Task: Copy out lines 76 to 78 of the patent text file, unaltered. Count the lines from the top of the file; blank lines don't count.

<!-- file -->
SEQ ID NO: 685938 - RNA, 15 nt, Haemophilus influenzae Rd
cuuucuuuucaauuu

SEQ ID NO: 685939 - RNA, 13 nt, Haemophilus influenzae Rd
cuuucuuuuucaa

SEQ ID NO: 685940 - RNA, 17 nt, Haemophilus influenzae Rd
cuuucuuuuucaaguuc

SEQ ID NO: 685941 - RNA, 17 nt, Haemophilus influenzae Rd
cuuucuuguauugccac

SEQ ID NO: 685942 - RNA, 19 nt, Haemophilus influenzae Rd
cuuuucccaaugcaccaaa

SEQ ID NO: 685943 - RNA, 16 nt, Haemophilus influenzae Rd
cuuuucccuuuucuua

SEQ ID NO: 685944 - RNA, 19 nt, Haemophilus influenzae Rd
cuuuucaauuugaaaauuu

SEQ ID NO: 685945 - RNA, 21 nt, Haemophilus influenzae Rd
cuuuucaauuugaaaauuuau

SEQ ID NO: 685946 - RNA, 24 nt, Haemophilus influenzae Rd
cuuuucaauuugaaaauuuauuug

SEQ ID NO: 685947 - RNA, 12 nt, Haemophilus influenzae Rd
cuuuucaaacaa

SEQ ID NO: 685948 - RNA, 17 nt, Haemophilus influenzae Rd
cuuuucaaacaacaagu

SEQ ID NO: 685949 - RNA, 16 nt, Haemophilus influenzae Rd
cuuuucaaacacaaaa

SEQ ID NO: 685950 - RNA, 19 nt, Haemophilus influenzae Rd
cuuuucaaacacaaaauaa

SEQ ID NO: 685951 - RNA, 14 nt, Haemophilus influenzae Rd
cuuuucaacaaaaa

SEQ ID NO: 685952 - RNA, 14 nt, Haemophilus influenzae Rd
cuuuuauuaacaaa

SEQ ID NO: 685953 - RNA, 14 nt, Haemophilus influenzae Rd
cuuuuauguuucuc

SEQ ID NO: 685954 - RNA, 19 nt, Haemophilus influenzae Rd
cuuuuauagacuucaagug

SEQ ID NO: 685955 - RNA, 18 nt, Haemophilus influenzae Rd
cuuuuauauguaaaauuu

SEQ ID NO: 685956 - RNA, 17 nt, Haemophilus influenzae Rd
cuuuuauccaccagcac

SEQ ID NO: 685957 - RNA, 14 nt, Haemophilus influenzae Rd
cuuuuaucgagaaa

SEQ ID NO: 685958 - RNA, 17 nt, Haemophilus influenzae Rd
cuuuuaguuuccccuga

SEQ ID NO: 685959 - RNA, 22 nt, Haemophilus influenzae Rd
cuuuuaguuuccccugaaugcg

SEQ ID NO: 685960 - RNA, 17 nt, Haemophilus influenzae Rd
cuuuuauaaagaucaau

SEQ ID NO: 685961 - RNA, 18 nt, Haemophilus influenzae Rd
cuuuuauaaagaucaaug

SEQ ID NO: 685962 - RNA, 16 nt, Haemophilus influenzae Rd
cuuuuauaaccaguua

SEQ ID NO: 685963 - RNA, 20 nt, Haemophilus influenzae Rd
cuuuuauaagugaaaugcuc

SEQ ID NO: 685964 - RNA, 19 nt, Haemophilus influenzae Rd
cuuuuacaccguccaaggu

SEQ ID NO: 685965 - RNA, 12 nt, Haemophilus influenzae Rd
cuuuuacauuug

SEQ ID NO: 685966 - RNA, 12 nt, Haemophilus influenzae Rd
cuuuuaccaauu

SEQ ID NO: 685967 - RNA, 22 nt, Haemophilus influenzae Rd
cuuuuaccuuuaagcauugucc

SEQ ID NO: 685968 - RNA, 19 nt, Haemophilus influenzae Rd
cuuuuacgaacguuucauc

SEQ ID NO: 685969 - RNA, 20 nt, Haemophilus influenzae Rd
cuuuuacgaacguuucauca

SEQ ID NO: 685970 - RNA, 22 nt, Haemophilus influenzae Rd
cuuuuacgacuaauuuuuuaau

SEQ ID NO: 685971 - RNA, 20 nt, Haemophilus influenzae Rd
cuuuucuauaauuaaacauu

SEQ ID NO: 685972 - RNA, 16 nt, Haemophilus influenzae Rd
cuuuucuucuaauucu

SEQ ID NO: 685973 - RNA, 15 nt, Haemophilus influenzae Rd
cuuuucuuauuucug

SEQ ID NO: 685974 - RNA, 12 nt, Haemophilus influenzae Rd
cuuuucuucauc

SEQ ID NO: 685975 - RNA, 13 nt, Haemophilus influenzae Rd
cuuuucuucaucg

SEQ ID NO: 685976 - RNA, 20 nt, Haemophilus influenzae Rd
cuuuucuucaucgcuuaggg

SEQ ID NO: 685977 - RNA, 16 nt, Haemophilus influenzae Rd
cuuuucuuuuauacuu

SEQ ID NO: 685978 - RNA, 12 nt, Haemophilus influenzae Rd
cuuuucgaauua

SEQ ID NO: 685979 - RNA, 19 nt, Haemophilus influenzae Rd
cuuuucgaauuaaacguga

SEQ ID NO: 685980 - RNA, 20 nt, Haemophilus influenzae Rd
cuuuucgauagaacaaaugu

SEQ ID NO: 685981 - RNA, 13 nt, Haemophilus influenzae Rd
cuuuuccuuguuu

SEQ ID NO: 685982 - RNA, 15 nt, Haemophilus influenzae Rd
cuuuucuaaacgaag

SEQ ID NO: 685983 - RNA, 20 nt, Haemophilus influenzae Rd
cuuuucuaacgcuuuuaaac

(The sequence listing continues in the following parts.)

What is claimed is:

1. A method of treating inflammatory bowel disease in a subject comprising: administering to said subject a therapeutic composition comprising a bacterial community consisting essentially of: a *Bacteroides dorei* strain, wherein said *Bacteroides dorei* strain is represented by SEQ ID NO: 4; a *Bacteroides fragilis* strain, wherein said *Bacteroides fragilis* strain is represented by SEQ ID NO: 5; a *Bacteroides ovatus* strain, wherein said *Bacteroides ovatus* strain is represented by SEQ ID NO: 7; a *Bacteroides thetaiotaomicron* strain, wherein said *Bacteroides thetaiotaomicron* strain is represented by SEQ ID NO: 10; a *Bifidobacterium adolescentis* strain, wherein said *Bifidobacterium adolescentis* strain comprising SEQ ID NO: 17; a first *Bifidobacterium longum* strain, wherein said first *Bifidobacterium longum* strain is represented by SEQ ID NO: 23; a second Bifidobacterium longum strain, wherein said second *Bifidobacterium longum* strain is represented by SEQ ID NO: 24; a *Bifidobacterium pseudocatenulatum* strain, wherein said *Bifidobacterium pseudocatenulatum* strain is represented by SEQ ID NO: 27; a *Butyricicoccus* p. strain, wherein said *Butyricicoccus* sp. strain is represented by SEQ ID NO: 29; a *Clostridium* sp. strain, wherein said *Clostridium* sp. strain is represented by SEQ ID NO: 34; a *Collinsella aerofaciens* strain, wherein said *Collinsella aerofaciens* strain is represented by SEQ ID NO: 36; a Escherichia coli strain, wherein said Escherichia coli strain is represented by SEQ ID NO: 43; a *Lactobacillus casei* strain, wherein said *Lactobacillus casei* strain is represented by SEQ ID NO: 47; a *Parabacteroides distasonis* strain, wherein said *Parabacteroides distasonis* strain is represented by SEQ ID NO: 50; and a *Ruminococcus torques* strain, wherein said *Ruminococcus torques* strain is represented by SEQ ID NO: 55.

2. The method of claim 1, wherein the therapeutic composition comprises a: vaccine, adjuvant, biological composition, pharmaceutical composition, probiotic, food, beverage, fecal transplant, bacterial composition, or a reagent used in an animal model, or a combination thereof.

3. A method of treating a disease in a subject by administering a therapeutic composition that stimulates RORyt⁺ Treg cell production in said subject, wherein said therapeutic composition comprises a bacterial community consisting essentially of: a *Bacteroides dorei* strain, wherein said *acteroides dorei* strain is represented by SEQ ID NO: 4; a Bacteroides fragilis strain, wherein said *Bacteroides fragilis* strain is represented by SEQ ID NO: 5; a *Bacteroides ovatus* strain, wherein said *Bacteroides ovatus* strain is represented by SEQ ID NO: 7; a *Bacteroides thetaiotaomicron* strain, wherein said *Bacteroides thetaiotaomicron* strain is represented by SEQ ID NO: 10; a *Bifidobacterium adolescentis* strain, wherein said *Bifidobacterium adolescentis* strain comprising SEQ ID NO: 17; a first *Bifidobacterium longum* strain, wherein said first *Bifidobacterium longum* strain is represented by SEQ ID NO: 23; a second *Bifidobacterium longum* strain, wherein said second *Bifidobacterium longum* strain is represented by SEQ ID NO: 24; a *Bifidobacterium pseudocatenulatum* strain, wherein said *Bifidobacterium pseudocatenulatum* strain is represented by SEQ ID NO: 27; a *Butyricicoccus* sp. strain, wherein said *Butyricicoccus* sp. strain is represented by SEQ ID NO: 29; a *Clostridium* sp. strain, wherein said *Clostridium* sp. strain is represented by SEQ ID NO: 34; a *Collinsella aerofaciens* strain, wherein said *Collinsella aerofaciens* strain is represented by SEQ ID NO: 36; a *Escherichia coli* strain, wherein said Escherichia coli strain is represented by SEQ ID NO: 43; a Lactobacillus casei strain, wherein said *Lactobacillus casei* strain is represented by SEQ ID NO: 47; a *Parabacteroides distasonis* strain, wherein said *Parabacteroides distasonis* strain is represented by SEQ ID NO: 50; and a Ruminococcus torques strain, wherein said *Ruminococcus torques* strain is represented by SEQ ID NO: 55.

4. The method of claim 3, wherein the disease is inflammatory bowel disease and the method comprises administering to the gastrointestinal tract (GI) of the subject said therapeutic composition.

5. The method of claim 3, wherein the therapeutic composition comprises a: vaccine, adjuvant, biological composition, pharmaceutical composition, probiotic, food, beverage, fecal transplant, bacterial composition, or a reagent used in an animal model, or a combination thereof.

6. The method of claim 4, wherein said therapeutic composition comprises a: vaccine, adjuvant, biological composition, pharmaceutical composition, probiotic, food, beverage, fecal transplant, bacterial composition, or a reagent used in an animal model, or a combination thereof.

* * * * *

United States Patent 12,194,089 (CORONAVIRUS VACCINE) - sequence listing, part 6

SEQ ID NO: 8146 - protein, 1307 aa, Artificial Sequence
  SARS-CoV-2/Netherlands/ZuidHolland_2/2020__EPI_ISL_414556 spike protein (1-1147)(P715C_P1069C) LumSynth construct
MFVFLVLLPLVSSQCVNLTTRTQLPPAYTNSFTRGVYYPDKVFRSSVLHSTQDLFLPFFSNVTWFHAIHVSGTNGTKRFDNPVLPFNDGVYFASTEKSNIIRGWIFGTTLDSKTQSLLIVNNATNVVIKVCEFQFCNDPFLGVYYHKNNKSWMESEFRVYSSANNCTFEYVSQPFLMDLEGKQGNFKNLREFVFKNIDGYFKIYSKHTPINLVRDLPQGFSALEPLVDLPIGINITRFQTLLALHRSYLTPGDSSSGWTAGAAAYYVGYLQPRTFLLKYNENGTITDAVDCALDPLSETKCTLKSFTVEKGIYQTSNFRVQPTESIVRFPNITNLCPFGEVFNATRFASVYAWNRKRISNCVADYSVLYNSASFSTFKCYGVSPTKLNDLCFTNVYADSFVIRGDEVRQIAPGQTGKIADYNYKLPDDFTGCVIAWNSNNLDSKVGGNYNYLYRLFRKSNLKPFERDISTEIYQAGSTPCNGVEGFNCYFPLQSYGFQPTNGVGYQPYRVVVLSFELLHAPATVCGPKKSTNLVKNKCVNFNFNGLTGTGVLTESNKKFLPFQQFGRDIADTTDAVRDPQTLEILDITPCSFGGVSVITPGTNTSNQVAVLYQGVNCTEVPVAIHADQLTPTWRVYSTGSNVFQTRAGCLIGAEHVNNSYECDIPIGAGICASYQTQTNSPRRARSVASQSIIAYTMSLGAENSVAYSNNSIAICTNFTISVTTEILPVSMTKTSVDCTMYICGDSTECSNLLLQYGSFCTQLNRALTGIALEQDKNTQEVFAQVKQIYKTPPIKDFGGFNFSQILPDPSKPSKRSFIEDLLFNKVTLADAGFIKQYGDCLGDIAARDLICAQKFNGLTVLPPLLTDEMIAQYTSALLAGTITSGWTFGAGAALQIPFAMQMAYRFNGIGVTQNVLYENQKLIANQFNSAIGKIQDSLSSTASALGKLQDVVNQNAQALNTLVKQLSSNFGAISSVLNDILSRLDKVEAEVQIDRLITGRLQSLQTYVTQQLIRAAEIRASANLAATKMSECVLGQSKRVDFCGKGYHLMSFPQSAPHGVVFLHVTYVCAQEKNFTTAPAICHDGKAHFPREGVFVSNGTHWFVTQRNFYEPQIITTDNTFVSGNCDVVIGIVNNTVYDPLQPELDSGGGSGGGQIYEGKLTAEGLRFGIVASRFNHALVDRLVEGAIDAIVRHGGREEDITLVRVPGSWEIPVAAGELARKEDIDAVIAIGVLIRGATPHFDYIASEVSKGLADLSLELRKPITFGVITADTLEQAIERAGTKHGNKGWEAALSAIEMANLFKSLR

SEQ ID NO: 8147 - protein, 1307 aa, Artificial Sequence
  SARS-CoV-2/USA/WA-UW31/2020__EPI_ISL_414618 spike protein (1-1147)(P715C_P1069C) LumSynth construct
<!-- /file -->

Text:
cuuuucuucaucg

SEQ ID NO: 685976 - RNA, 20 nt, Haemophilus influenzae Rd
cuuuucuucaucgcuuaggg